I was visiting a friend who has two kids, both boys, holding my son on my lap. My son was wearing a pink onesie and a pair of dark blue overalls.
“I think she wants to play with this!” the younger one squealed, holding a toy car in the air.
The older of the two stared at his brother, “that’s a BOY!” he announced, “you say ‘he’ not ‘she!'”
“Well that’s ok, he doesn’t really care yet,” I said to both of them.
A few more minutes passed, and then the older boy said “but how can you tell that it’s a boy?”
It was a loaded question for me. Some of my closest friends are transgender, as is my child’s generous sperm donor. I am constantly aware that any identity we put on him may be discarded by him at any time in favor of something else. His other mother and I, we are just his parents, we don’t own him. He may not be a boy. He could be a girl, or even something else. That is ok with me because I love him for who he is, I love him just for showing up to this amazing world, not for any particulars about him that I pretend to know.
I looked at the child standing in front of me “well, you have to guess.”
It made sense to him. It makes sense to me too, actually.
At least two adults in my child’s life currently use gender neutral pronouns. More than that identify as some form of transgender or genderqueer. So unlike the typical nuclear family, it wasn’t necessarily obvious to us that penis = boy = he pronouns.
The decision to gender our child is not one we have taken lightly. First of all, we recognize that it is just that, our decision.
We could have chosen a different way. We could have chosen to give our kid a more gender neutral sounding name, and to insist upon gender neutral pronouns until they were old enough to articulate what they would like to be called and how they would like to be addressed. In many ways, this idea was attractively radical. Instead we chose to allow him to be labeled “boy” and use masculine pronouns, but while constantly providing him with other options and reinforcing that we are ready to switch at any moment.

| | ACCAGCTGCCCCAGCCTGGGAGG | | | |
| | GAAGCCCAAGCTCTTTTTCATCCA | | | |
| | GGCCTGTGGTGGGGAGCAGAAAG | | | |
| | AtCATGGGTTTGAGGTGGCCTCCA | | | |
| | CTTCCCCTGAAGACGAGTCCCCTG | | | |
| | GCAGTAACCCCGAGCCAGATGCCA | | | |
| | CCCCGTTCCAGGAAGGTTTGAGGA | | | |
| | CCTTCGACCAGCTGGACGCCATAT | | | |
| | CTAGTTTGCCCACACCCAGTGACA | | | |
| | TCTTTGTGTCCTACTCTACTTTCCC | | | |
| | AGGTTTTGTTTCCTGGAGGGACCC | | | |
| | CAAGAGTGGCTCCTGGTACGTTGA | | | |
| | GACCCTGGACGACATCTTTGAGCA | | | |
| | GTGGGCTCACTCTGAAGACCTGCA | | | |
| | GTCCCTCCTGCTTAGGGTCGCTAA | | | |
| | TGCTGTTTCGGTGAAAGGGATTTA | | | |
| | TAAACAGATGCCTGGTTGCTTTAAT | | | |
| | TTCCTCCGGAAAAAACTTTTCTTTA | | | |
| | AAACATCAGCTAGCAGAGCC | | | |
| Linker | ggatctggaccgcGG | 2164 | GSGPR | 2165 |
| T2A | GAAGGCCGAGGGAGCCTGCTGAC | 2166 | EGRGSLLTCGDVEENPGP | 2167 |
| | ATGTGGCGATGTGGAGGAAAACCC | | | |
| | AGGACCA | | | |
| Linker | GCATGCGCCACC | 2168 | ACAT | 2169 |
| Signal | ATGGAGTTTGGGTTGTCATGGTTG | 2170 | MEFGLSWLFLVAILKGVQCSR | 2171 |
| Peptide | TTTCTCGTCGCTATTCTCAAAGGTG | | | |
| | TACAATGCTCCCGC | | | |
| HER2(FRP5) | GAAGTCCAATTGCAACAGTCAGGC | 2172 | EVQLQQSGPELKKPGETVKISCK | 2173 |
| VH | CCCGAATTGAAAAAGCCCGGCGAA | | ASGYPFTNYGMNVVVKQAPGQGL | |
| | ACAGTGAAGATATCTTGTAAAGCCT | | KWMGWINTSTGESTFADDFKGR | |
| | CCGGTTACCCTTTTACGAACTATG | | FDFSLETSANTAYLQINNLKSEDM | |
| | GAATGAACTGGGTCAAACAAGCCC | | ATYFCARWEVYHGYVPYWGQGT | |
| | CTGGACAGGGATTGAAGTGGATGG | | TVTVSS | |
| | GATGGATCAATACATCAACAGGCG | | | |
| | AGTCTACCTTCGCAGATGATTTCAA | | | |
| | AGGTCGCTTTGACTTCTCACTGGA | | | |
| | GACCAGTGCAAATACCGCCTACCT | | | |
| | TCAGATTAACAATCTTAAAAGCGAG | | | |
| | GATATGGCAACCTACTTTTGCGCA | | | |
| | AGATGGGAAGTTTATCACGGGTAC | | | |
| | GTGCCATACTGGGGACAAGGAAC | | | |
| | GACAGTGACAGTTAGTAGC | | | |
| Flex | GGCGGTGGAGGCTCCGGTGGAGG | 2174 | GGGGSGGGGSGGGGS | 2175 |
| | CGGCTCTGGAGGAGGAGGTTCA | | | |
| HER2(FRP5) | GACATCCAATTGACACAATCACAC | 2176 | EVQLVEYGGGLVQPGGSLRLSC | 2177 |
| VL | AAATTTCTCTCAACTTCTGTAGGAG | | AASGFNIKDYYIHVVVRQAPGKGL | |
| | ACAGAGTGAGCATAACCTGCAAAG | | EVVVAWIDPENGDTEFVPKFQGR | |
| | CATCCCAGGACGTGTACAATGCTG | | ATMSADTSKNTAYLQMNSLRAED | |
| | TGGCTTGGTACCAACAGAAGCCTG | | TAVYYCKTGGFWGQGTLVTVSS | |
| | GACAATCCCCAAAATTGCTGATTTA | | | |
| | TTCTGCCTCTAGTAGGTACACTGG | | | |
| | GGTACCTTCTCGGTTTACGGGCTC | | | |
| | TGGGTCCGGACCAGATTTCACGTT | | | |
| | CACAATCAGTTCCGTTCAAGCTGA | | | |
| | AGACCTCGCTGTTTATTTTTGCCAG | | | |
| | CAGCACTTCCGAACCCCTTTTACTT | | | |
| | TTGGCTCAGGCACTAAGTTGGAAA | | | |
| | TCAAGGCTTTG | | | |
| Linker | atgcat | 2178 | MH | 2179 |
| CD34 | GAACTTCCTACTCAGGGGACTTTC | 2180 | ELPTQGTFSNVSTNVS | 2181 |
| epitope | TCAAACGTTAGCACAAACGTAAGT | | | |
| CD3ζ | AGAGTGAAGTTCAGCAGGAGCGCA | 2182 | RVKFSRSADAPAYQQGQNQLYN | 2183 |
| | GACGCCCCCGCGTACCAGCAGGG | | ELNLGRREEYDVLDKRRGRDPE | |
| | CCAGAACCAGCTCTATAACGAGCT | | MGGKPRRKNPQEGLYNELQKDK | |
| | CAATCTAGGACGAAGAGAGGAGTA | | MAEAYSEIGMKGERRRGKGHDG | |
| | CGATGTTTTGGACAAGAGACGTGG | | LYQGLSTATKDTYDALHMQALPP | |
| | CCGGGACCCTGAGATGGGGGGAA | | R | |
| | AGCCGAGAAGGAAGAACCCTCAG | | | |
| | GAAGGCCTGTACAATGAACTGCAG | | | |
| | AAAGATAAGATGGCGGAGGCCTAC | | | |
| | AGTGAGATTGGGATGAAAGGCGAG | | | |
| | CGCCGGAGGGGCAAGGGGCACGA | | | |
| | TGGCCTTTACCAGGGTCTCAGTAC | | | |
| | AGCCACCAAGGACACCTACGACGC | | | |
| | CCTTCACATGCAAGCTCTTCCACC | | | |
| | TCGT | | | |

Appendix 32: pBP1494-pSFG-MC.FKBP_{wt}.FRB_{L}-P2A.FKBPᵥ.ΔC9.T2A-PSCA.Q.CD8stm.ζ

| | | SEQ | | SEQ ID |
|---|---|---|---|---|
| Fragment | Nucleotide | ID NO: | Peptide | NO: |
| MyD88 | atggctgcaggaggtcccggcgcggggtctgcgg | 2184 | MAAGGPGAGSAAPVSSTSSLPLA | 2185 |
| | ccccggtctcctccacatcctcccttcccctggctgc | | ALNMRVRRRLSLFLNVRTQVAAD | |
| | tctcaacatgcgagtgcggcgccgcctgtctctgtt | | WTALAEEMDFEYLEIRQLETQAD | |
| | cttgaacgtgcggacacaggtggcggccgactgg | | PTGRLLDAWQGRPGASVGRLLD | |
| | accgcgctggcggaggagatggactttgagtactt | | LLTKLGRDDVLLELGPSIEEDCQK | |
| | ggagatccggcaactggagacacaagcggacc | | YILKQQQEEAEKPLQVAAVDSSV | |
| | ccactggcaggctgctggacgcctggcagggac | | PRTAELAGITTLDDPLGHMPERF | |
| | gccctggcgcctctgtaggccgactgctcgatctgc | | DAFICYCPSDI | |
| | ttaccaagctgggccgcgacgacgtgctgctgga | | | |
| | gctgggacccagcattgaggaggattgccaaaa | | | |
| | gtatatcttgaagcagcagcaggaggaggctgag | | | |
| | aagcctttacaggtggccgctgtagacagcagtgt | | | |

Calling our kid “he” may be an educated guess, but it is a guess.
So why’d we do it? Here’s a few reasons:
1. Babies do not self identify, at least not as far as we know. All parents, to some degree, project an identity onto their very young children. I DONT THINK THIS IS NECESSARILY A BAD THING. Projecting a placeholder identity onto a baby helps us to think of them as whole people, and to relate to them and empathize with them. Empathy is probably one of my biggest goals as a parent, and I want to give myself the tools to do so. It is really really hard to relate to someone without an identity, which is part of the reason we name our children rather than waiting until they can name themselves.
As long as we recognize that the placeholder identity is just that – a placeholder – then I think it can be a very good thing, and that can include gender. The problem arises when we, as parents, become so attached to the placeholder identity that we won’t listen to our children tell us who they really are.
2. We have to live in this world now. Raise your hand if you remember baby Storm. I fully support Storm’s parents decision to do what they believed to be best for their child, but to be perfectly frank I simply am not equipped to deal with that level of negative attention.
Our child has to live in the world as it is, right now, and so do we. We are already asking his extended family members to get used to a lot of ideas and practices that aren’t totally familiar to them. Gendered pronouns feels like an area where compromising with wider culture is ok for us.
3. Baby names are hard. We needed to pick a name that we both liked, and that we would still like after saying three thousand times a day. There were very fee named that fit that bill, it turns out, and there were absolutely zero gender neutral names that did.
4. Odds are we are right. Most people are cisgender, and so it is very likely that won’t ever mind the pronouns he has been assigned or wish to change them. Obviously there is no guarantee, nor should there be, but if we are going to make a guess, statistically this is the most likely option.
5. And if we’re not right, we’re ready to be flexible! I am able to feel good masking a guess about my child’s gender that is just that – a guess – because I know that I am ready and willing to be wrong. My wife and I work very hard to avoid making assumptions about who he will be in the future. It’s actually easier than I thought it would be. Babies change every single day, why in the world would I think I could predict who he will be or what he will like five years from now?
As soon as he is old enough to start exploring and articulating his own identity, we plan to follow his lead as much as possible. But until that time, we have to call him something. We had to guess. Our guess is “he.”
Note: this post was inspired by a question from a reader. If you have any questions about queer families, this particular queer family, or the rejection of nuclear values, feel free to leave them in the comments, or ask on social media. It just might become a blog post!